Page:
Now Is The Worst Time For Cuts: Why We Need Action, NOT Austerity


In 2008, there was a global financial crisis where banks failed, millions of people lost their homes, and tens of millions of people lost their jobs. 


Since then it has become clear, in country after country, that austerity does not work. 


If the private sector is melting down and people are being laid off in the millions, doing the same to the public sector doesn’t “share the pain.” It guarantees that the crisis will be deeper and longer. 


That’s not ideology. It’s evidence. 


In Europe, a single Euro in cuts could result in 1.70 in lost GDP. 


So we can borrow a dollar and keep people working at 2% interest. Or we can cut a dollar and lose a dollar and seventy cents. 


Additionally, the people who tend to be hardest hit by austerity are people who are marginalized and living in vulnerable situations. 


All spending is someone’s income, including government spending. All those people and contractors who work for government spend their incomes in the economy, which includes the private sector. Governments are not helping anyone with cuts. 


It’s also the worst possible time to be selling of public assets because we will get the worst price for them. Privatizing in bad times is like burning your furniture to stay warm, or eating your seed corn. 


Public services and good investments in public education, health care and infrastructure don’t cost, they pay. It makes everyone smarter and healthier. Good infrastructure can reduce environmental impacts while lowering the cost of living and doing business at the same time. 


How Would This Work?

Premiers and Mayors have been calling on the Federal Government for help with their finances. 


What’s been offered is not enough. Every single Premier has already written a letter asking if they can take advantage of the Government of Canada’s lower borrowing rate. 


Basically, they are asking the Federal Government to co-sign their debt. This would allow them to borrow at lower rates, saving billions in interest payments. 


We support this idea as a first step. However, if the Provinces want the Federal Government to help, the Federal Government should have a say.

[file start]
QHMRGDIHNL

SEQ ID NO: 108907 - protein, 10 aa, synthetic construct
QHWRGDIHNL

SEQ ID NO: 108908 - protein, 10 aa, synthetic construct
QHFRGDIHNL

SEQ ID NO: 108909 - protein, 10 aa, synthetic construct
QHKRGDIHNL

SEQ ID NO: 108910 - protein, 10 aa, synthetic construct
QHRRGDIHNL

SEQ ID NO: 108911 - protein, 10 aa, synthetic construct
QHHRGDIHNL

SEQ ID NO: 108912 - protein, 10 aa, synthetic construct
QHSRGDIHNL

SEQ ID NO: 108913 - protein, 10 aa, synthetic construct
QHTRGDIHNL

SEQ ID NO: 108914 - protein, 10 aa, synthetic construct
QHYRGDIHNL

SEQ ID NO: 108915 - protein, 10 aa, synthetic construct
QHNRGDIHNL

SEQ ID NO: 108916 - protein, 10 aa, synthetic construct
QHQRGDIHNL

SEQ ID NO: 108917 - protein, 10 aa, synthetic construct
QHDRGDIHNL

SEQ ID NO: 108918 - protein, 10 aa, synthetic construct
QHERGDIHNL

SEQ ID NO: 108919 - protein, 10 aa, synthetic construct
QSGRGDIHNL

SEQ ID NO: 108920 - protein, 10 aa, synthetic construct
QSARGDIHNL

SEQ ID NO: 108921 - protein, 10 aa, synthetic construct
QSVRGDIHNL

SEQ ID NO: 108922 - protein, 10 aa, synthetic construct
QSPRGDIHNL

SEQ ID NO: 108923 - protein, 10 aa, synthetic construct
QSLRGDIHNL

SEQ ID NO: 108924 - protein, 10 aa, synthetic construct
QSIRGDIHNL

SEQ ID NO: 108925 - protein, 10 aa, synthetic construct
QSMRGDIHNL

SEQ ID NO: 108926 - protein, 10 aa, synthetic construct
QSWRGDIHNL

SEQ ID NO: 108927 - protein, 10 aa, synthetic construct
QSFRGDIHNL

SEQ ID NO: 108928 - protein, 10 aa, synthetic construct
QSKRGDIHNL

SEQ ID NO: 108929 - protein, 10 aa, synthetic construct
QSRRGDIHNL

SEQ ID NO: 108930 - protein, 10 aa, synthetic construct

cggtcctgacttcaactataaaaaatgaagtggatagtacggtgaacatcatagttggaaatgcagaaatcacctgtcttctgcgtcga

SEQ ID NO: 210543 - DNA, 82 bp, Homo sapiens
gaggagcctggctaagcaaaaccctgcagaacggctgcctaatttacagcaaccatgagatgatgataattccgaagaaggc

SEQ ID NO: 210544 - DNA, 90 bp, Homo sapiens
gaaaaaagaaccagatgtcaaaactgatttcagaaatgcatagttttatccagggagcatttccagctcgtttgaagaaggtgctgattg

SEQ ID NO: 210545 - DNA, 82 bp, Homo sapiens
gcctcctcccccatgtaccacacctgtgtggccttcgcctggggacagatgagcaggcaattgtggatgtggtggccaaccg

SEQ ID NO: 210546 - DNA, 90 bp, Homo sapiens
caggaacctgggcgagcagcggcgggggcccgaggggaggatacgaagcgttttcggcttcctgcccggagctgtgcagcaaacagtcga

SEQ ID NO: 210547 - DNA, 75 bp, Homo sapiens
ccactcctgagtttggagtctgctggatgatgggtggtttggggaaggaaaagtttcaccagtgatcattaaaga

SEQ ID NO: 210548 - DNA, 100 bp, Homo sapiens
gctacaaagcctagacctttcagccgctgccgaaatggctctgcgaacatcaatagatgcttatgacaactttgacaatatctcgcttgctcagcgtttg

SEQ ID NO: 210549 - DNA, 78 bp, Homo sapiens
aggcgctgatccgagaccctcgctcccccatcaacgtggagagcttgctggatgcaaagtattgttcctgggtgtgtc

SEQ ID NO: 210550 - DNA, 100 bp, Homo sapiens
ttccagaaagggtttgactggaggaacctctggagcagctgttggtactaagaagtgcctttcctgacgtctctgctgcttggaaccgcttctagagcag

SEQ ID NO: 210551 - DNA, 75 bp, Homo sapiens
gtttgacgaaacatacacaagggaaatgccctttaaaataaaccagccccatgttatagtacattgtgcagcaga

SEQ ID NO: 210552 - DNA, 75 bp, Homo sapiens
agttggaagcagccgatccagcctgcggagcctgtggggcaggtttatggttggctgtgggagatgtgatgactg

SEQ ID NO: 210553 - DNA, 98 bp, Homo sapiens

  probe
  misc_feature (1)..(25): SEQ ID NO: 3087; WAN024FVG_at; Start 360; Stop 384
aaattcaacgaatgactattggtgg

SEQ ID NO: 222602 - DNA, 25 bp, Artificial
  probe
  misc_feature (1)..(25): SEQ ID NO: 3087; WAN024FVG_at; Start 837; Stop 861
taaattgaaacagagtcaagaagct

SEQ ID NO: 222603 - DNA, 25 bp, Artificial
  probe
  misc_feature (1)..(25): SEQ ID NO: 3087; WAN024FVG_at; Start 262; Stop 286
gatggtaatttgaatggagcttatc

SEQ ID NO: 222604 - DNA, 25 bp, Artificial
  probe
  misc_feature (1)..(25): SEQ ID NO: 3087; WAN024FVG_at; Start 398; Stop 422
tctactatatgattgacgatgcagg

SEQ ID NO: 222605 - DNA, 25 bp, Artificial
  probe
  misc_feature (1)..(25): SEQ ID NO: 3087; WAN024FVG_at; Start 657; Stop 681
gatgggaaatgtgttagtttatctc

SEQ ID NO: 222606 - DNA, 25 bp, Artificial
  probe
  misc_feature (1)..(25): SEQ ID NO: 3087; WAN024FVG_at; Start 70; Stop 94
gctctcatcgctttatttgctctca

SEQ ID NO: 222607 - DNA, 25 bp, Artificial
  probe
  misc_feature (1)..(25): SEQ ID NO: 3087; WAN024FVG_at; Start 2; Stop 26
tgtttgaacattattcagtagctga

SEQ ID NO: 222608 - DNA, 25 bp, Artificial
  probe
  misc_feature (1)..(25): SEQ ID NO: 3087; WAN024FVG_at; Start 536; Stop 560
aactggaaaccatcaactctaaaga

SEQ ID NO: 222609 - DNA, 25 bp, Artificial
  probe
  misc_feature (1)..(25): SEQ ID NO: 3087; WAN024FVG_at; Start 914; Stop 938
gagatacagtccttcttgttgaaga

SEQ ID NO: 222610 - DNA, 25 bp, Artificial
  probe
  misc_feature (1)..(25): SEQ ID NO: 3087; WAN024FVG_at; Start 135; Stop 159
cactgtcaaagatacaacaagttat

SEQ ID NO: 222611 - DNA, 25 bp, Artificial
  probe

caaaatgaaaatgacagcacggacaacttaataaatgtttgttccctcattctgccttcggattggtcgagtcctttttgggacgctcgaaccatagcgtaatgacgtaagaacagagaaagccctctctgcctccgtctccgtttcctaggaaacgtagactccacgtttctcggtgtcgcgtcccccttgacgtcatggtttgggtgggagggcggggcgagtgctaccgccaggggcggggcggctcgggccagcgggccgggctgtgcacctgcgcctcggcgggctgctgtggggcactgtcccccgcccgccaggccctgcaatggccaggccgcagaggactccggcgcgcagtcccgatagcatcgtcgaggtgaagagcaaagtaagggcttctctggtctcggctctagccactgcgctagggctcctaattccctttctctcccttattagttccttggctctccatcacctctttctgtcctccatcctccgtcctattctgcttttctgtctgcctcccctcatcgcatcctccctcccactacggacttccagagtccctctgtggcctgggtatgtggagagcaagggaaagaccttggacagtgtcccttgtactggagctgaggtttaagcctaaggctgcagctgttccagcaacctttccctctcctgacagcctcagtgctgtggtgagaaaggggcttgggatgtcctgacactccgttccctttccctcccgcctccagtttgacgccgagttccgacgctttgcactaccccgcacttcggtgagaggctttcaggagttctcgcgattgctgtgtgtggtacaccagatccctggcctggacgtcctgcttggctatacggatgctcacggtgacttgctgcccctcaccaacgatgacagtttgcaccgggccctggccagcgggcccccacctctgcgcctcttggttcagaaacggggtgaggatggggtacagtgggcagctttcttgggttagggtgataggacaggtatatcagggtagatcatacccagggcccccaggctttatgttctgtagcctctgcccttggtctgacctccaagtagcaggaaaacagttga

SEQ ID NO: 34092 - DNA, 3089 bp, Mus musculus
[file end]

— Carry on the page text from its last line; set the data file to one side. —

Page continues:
So long as provinces are participating in the federal borrowing program, they would be prohibited from engaging in austerity, which will weaken cities’ and province’s economies, and their ability to pay back debt. 


In order to receive financial assistance, provinces would have to agree to:


  • Maintain current levels of employment, service in health care and all      levels of education

  • Make investments in infrastructure 

  • Place a moratorium on privatizations and the sales of public assets 

  • Minimize tax reductions 


In the last years, many provinces have been slow to “pass on” their infrastructure spending. The Federal Government should also consider direct transfers to municipalities for infrastructure projects. 


We also believe the Bank of Canada should consider direct lending to Provincial Governments in order to reduce risk, lower interest rates, and eliminate concerns around foreign currency fluctuations. 



Won’t This Cost More?


No. The historical and empirical evidence is that austerity never works in a downturn.


After the global financial crisis of 2008, the evidence is clear that every jurisdiction that cut ended up with worse GDP growth and higher debt. Every jurisdiction that rejected austerity and stimulated the economy ended up with a stronger economy and a better debt-to-GDP ratio. 


We already have debt. If we borrow to invest so we can grow, it will be easier to pay it off. If we don’t invest and grow, we will be laying people off and cutting their wages, even as the interest keeps adding up. 


Inclusive Recovery 


When governments cut, it’s the people who were already living on the edges who start to feel it the most.


About half of Canadians are living paycheque to paycheque. 


Strong Recovery is inclusive. We can start by making sure we’re not leaving people behind. Then, we can go further by giving people a chance to catch up. 


That means making sure when we’re investing in people, communities and businesses, that we’re inclusive about it. That means inclusive contracting and hiring. It means making sure we’re aware of past injustices and working to make amends.


Shovel Ready Projects + Green Recovery 


Canada has an “infrastructure deficit” in the hundreds of billions of dollars. There are many shovel ready projects across the country. 


  • Strategic infrastructure: ports, trade gateways

  • A wide range of “Green” initiatives providing incentives for shifting to green energy

  • Direct transfers to municipalities to accelerate water and sewer upgrades  

  • Affordable Housing projects, especially for First Nations 

  • “Rewilding” with wilderness restoration projects


These are all practical and positive ways to ensure a strong recovery.